Cloud Ridge Naturalists
Black bear fishing a river
spacer Spirits of the Water


September 7-18, 2010
12 Days/11 Nights

Audrey Benedict, Marven Robinson, Kimber Owen & the M/V Sea Wolf Crew

A voyage to the wild archipelagos of coastal British Columbia allows us an unparalleled window into an ancient, more magical world— one in which all life is inextricably linked to the sea. m/v Sea WolfJoining the M/V Sea Wolf at Ketchikan, Alaska, we leave the standard cruise routes behind as we embark on a voyage along a coast so convoluted with glacier-carved fjords, channels, inlets, and islands, that a distance measurement of the actual coastline is virtually impossible. Life here is governed by the sea’s rhythms and we turn our attention to navigating a watery maze of channels, passes, and reaches. Strange, reversing tidal rapids—like sea-bound rivers—impress us with their power and purpose. The rock-bound intertidal zone is home to an amazing diversity of marine animals: crabs, starfish, anemones, sea urchins, and sea cucumbers, to name just a few. The seabirds and shorebirds we see, among the thousands beginning their long migrations to southern waters, live at the mercy of wind and wave—as the sea goes, storm-ridden or serene, so must they. Their survival, as we will learn, is undeniably tied to the ecological health of the sea as well as to that of the terrestrial ecosystems ashore—making them especially vulnerable to the impacts of global warming, marine pollution, diminished food resources, commercial fishing, seabird by-catch, fish farming, logging, mining, and changes in the rich plankton soup that forms the basis for the entire marine food chain.

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Along the central coast, we enter a mist-shrouded wilderness set amidst a backdrop of sheer cliffs and steep-walled fjords, plunging waterfalls, old-growth rainforests, and glacier-carved mountains. We’ll enjoy myriad opportunities to explore—a magical world that can be reached only by boat or sea kayak. The rainforests are home to some of the world’s most majestic trees—Douglas fir, Sitka spruce, red cedar, and western hem-lock—with some towering over 300 feet in height, trunks measuring 19 feet in diameter, and some at least 1,000 years old. Bald EagleThe shaded streams and rivers that wind through these forests offer the perfect clear, cold spawning grounds for six species of salmon that return here each year: coho, chinook, sockeye, pink, chum, and steelhead. Where the salmon-spawning rivers empty into the inlets and estuaries, the jade-green waters carry the haunting scent of ghost salmon returning to the sea. These salmon runs—the literal and metaphorical heart of this ancient forest ecosystem—provide an almost continuous supply of food during late summer and fall, particularly for bears preparing for hibernation, but also for coastal gray wolves, bald eagles, gulls, dippers, pine marten, river otters, mink, and many others. Research by Ian McAllister, Chris Darimont, Paul Paquet, Tom Reimchen, and others have shown that salmon actually sustain the entire Great Bear Rainforest ecosystem.The bears—one of the highest concentrations of grizzly bears found in North America, black bears, and the legendary “Spirit Bear,” a rare, white-blonde subspecies of the black bear—are crucial to the transfer of marine-derived nutrients (from decomposing salmon) into both freshwater and terrestrial ecosystems ashore. Trace nutrients from salmon are found in the topmost needles and wood of the forest’s trees. Recent research has also shown that large individual growth rings in the wood of these trees can be correlated with heavy salmon runs.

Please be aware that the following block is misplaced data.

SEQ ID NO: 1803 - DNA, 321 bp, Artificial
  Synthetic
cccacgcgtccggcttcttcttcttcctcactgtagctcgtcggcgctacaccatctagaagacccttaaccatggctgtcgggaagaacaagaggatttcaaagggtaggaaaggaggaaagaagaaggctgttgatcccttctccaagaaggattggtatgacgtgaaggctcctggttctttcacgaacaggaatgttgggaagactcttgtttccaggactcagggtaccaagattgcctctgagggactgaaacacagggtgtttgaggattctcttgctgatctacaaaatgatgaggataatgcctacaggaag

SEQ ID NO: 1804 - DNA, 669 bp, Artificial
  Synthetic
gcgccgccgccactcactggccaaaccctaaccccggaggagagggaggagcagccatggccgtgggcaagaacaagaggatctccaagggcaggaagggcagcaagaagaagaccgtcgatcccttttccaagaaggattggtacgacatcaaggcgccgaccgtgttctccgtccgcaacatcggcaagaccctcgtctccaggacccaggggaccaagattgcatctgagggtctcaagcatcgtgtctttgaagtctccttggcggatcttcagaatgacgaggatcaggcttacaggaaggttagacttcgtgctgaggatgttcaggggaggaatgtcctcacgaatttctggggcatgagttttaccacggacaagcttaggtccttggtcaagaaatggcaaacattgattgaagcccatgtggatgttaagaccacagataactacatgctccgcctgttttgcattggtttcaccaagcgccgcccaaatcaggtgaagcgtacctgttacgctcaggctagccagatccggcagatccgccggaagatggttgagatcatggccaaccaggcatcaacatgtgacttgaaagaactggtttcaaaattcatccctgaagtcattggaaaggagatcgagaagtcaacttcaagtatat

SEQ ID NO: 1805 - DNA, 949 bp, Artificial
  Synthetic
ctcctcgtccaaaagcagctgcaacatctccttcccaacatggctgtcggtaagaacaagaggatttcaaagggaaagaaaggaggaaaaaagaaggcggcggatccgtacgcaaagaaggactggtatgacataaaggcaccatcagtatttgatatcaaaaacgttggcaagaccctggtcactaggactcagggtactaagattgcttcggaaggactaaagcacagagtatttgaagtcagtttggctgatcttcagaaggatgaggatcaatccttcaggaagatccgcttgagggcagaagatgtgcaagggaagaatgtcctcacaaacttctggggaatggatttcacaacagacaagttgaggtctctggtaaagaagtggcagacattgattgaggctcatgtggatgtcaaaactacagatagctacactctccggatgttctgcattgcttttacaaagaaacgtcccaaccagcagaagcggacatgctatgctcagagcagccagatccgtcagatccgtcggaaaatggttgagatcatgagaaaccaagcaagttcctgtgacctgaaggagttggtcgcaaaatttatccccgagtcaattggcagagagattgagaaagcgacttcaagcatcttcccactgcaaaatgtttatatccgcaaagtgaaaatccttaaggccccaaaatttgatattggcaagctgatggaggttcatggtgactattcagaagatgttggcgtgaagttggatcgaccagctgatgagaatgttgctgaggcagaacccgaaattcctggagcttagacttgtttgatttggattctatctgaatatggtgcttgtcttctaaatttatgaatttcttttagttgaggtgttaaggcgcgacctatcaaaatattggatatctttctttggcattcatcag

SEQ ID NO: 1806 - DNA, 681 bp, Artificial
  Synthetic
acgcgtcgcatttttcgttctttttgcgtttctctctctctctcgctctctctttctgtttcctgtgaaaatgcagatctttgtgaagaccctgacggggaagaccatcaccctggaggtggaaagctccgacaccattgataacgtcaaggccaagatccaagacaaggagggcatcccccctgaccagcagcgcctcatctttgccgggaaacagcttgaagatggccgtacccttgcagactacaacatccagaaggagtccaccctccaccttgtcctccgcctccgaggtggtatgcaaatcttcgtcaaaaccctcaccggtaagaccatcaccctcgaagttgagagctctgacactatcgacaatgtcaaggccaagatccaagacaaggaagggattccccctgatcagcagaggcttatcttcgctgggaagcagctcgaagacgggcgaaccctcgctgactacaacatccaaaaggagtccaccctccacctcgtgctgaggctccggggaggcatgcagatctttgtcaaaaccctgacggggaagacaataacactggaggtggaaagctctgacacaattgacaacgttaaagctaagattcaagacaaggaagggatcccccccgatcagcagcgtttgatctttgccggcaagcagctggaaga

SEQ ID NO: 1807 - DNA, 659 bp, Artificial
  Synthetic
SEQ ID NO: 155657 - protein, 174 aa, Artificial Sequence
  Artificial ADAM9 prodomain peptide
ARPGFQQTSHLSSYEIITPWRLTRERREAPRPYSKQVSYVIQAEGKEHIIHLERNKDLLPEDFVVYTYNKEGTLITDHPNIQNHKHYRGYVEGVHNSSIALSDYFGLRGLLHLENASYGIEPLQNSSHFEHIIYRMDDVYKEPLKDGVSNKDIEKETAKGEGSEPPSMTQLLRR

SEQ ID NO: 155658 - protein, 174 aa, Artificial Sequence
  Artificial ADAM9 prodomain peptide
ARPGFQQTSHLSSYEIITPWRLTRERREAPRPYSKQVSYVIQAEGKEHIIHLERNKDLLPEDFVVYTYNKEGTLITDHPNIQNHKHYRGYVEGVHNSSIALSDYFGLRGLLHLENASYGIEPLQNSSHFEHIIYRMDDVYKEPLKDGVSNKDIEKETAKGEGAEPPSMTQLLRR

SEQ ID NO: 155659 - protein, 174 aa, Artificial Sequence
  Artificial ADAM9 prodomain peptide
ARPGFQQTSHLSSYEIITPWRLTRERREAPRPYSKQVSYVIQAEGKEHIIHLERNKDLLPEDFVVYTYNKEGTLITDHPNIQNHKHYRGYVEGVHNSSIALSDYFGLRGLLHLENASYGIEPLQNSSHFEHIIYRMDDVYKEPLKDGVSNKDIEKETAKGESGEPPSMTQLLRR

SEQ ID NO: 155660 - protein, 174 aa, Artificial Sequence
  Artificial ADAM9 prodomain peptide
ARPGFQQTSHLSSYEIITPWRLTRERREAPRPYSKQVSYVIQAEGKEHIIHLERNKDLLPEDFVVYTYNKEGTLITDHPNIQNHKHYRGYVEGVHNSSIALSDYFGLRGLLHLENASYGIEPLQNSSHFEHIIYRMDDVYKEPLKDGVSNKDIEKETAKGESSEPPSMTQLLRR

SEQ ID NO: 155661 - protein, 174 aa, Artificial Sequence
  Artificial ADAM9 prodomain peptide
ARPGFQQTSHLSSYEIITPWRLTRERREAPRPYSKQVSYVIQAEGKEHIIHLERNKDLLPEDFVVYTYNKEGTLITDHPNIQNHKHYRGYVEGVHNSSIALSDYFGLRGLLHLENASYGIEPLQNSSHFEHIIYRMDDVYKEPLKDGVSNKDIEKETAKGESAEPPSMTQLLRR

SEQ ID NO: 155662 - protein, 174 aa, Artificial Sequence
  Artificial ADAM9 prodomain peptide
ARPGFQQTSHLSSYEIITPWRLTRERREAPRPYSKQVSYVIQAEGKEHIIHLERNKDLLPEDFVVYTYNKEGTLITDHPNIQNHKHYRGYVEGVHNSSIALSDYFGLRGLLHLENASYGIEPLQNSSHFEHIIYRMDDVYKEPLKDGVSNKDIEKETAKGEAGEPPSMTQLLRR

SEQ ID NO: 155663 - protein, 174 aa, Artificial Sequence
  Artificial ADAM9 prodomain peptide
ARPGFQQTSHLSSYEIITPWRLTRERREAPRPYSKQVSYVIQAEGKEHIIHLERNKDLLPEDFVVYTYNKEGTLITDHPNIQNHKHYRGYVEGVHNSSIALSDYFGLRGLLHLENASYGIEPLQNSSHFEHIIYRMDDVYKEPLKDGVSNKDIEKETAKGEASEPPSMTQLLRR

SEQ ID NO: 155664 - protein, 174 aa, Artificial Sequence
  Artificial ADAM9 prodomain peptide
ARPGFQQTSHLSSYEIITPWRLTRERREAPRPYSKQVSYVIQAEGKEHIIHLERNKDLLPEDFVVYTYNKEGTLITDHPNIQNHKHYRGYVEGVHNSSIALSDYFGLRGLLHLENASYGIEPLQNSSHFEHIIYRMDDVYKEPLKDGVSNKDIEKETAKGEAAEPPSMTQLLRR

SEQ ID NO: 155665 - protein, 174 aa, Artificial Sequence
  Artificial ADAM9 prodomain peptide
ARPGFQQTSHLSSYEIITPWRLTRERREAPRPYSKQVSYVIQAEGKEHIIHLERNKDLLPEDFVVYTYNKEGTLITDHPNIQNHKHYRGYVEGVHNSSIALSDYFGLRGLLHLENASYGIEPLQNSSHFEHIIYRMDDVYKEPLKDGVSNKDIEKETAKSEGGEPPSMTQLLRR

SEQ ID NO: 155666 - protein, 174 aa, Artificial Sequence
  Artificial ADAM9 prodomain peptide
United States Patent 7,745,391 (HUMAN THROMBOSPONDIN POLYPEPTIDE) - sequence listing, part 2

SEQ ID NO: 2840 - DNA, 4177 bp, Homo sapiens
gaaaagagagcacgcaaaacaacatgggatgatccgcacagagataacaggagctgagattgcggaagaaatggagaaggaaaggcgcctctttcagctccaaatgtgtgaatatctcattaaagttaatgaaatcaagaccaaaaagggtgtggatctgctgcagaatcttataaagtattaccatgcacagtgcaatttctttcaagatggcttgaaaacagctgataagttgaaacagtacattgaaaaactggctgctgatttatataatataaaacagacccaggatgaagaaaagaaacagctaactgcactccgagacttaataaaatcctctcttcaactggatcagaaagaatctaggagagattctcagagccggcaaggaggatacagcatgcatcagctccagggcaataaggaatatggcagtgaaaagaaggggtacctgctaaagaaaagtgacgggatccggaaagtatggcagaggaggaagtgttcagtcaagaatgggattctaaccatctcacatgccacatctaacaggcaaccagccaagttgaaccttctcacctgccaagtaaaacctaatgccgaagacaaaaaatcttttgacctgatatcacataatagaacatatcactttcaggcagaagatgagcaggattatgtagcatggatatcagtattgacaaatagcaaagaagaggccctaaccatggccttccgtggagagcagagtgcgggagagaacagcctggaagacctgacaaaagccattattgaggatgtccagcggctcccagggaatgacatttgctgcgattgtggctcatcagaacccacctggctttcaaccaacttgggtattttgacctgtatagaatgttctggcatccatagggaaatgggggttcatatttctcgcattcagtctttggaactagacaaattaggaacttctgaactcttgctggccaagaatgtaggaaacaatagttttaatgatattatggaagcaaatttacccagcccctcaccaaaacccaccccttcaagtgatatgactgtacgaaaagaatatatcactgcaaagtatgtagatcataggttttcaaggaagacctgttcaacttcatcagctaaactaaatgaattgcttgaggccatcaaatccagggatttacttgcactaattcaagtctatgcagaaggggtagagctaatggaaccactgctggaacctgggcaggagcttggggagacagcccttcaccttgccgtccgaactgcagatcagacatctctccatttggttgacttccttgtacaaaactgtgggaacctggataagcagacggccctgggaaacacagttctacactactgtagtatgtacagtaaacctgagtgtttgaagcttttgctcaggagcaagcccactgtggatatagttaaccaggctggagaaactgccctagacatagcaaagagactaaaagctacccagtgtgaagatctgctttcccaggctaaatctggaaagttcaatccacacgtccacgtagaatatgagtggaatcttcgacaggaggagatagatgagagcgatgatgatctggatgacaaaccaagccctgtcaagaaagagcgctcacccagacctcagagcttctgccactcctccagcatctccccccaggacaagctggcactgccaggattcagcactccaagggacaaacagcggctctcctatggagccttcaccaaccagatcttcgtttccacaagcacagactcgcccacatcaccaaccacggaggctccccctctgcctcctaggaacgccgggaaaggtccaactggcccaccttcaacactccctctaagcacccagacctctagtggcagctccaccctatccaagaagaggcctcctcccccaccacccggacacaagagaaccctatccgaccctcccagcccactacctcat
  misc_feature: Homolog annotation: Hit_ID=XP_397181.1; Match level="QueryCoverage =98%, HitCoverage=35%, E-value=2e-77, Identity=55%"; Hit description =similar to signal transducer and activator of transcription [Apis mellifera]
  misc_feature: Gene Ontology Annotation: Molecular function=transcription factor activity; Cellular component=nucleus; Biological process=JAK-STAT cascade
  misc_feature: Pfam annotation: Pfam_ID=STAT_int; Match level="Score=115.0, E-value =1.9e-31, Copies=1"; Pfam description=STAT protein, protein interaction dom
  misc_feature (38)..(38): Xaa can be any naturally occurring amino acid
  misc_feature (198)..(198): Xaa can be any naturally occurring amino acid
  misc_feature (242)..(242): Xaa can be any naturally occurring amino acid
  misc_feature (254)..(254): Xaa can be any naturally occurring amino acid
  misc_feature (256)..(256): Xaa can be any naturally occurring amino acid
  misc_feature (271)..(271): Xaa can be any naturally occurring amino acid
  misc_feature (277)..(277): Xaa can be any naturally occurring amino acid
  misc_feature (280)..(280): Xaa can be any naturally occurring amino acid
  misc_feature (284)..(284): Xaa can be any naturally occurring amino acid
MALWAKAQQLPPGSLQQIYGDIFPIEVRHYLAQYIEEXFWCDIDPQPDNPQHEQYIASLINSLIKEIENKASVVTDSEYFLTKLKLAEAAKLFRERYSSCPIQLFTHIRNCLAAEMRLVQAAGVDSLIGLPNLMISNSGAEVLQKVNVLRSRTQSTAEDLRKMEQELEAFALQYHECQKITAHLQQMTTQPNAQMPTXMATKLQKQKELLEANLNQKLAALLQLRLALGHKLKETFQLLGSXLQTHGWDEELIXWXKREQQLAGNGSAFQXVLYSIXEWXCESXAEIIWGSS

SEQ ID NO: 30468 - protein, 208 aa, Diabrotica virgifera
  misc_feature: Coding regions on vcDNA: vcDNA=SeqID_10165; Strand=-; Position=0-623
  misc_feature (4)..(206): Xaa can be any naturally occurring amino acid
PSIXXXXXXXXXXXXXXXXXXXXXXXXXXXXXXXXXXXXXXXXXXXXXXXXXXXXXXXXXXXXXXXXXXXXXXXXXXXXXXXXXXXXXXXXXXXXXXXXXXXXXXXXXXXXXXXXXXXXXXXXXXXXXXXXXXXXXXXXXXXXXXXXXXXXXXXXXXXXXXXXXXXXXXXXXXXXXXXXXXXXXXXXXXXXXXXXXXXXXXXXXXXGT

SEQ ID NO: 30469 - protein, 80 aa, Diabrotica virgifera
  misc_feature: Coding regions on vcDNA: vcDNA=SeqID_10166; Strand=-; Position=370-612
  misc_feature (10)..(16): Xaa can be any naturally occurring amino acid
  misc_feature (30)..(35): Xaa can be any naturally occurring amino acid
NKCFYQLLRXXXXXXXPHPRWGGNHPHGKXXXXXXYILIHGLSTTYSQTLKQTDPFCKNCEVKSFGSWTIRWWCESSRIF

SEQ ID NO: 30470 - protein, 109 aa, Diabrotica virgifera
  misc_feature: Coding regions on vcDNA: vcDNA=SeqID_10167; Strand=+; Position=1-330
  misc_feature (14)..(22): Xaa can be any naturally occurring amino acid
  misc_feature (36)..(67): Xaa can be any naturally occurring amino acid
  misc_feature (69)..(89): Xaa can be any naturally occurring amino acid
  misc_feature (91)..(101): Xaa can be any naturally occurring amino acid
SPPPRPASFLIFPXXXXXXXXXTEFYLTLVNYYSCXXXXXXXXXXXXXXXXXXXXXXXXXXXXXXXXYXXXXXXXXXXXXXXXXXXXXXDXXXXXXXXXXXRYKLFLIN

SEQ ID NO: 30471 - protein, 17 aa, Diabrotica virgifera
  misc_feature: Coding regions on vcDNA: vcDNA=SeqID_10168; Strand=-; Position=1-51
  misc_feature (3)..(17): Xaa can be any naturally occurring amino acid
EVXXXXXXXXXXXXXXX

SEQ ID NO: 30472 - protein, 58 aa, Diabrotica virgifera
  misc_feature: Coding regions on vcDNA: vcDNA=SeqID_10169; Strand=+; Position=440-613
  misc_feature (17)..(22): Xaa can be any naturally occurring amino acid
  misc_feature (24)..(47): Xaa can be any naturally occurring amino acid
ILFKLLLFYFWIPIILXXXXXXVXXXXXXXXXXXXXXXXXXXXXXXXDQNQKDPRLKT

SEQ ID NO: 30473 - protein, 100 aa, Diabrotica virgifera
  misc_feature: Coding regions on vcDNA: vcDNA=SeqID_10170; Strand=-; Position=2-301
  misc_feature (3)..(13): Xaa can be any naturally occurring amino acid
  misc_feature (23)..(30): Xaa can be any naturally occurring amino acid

Spirit Bear fishingThe Great Bear Rainforest is the traditional homeland of the indigenous Heiltsuk, one of several First Nation cultural groups whose history, identity, and spirituality are inextricably intertwined with that of the sea and the coastal forests. With our Gitga’at guide, Marven Robinson, we’ll spend the day on a viewing platform positioned above a stream heavily used by bears during the salmon spawning period. Opportunities for observing and photographing “fishing” bears, including the spirit bear, are excellent, as are our chances of seeing other species that specialize on salmon “leftovers.” A Gitga’at community-sponsored dinner of traditional foods and dances performed in their communal longhouse will highlight our day spent with the bears. Our spirits nourished by wonderful memories and shared experiences, the conclusion of our voyage, at Bella Bella, comes all too soon!

Price: $4,950 (includes a $500 deposit)
Group Size: 12
Trip Rating: 2 (Accessible)

Price Includes: 10 nights and 11 days aboard the M/V SeaWolf, all meals, cabins with private facilities, one nights’ lodging at the Cape Fox Lodge in Ketchikan, the services of a 5-person crew, 3 naturalist leaders, full sea kayak outfitting and instruction, guide services by Marven Robinson, Gitga’at community dinner and performance, gratuities to the crew, and all hotel/boat transfers.

Does not include roundtrip airfare from your point of departure to Ketchikan, Alaska, the flight segment (prearranged) from Bella Bella to Vancouver, B.C., or your homebound flight from Vancouver.

Audrey in kayak

Registration form 2010 (PDF) |  Trip Information Page

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